Tax audits are performed by the Canada Revenue Agency (“CRA”) or Revenu Québec (“RQ”) on a regular basis to ensure the integrity of the tax system.
Tax audits are carried out to confirm that taxpayers have correctly reported their income. The scope of a tax audit is generally limited to one or more specific issue(s) or taxation year(s), although that may change, depending on what is uncovered during the audit (i.e. a decision may be made to expand the scope of the audit).
A tax audit starts with an initial communication from the CRA/RQ informing you that you are under audit. The audit generally takes place at your home or place of business (“on-site audit” or “field audit”), but can also be conducted at a CRA office (“office audit” or “desk audit”) when the issue involved is a simple one.
Generally, you should try to collaborate with the auditor. Although you may feel scrutinized and under attack, there generally is nothing personal about the audit process. By maintaining a professional relationship with the auditor, the latter may be more receptive to what you have to say.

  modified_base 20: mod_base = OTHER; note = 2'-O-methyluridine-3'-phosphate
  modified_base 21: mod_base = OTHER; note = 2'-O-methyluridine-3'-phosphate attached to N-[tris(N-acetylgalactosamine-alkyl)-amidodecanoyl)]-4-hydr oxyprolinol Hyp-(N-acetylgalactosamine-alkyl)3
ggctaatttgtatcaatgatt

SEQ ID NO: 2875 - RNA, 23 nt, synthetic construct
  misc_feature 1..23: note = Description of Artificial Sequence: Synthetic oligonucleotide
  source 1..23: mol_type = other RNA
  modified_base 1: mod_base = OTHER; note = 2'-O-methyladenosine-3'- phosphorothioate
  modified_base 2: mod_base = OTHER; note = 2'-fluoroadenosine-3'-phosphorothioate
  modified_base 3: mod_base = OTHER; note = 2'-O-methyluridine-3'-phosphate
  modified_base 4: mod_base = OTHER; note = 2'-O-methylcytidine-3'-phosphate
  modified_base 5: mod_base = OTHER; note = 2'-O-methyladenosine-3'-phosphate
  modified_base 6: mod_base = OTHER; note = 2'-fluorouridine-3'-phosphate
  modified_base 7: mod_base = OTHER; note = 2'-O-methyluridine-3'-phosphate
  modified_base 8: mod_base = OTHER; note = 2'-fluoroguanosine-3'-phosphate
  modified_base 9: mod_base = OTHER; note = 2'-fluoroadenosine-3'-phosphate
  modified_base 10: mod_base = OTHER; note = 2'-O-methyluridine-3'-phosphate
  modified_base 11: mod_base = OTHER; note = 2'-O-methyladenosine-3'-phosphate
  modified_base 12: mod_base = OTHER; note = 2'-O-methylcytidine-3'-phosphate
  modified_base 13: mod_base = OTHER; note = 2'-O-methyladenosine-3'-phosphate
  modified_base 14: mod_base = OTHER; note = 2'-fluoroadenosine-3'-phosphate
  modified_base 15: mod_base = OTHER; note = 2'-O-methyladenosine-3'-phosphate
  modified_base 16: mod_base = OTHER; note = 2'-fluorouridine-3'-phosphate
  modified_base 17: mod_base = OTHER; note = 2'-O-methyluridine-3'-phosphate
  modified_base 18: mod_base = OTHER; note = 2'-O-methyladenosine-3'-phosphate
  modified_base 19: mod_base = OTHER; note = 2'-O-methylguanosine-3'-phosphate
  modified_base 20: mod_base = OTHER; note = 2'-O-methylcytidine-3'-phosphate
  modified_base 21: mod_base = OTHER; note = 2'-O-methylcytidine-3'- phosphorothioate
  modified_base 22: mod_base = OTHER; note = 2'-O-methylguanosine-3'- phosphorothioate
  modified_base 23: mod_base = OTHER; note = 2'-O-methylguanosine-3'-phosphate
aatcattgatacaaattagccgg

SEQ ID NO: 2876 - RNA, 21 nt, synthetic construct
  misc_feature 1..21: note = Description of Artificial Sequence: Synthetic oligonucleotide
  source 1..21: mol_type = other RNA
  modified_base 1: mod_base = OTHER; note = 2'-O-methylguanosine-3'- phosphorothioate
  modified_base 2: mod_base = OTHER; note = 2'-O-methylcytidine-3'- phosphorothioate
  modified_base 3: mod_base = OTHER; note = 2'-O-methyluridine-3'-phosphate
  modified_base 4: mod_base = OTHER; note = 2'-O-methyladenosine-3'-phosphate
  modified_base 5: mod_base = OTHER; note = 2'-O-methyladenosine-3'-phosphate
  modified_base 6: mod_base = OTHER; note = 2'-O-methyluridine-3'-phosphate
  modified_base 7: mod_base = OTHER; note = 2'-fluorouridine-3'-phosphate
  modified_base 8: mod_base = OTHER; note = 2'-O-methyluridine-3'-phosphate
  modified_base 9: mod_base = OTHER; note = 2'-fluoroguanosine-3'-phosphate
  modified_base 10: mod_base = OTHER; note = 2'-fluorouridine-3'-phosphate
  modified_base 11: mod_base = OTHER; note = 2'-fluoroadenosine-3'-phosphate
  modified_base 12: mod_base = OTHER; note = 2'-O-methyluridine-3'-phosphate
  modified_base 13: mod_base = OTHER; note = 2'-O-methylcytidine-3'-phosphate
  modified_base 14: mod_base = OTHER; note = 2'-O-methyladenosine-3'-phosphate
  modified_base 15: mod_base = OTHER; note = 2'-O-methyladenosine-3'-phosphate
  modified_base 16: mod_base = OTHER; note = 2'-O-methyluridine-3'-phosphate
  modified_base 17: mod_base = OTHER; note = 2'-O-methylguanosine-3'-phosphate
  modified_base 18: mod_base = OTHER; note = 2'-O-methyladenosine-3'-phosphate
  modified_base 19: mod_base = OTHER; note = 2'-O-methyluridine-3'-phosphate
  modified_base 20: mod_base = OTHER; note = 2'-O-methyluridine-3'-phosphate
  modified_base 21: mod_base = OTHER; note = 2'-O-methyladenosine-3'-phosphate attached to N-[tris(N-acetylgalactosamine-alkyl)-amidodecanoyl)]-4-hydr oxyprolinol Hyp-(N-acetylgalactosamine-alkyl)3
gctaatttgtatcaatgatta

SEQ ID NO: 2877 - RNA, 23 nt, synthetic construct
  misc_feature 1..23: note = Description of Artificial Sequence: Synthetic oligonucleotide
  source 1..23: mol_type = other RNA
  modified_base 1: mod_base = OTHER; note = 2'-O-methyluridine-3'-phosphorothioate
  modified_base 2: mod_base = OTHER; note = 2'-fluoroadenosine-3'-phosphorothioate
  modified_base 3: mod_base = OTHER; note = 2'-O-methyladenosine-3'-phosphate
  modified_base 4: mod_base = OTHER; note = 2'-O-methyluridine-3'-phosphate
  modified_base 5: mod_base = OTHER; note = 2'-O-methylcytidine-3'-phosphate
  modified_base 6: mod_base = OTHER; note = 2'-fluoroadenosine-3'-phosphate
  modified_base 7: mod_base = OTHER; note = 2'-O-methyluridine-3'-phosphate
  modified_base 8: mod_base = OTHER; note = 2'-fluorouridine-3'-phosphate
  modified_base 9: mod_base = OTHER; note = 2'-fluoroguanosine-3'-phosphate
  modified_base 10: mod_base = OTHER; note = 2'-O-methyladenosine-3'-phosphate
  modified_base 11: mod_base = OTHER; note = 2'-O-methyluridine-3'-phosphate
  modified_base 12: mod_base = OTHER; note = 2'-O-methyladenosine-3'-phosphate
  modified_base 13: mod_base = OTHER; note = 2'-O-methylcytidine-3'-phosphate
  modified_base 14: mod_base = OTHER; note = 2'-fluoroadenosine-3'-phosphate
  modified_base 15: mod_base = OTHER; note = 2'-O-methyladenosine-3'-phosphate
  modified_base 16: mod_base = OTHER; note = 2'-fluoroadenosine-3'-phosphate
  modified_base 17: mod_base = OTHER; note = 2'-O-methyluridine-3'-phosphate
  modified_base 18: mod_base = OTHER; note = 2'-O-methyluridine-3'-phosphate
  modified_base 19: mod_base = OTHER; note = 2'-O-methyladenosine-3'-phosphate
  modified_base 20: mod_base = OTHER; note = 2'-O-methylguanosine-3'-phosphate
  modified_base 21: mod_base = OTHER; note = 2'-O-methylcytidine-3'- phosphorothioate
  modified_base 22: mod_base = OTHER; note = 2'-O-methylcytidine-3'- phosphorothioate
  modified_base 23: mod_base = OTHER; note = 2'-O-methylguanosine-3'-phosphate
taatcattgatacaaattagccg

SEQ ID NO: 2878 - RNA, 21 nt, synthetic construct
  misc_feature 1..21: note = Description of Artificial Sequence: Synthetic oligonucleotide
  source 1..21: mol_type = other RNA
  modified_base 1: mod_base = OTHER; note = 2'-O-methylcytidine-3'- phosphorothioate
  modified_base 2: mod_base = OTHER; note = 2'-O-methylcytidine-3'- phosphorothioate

You should always consider the possibility that you may be reassessed and that you may have to go to trial. Therefore, it is important to document what happened during the course of the audit and put things in writing to avoid any possible misunderstandings.
Once the audit completed, the auditor will generally send you a proposal letter. The proposal letter will state how the auditor intends to reassess you and the grounds for doing so. You will then be given 30 days to respond. If you do not respond or if you cannot convince the auditor to change his position, a notice of reassessment will be issued. To dispute the reassessment, you will have to file a notice of objection within 90 days.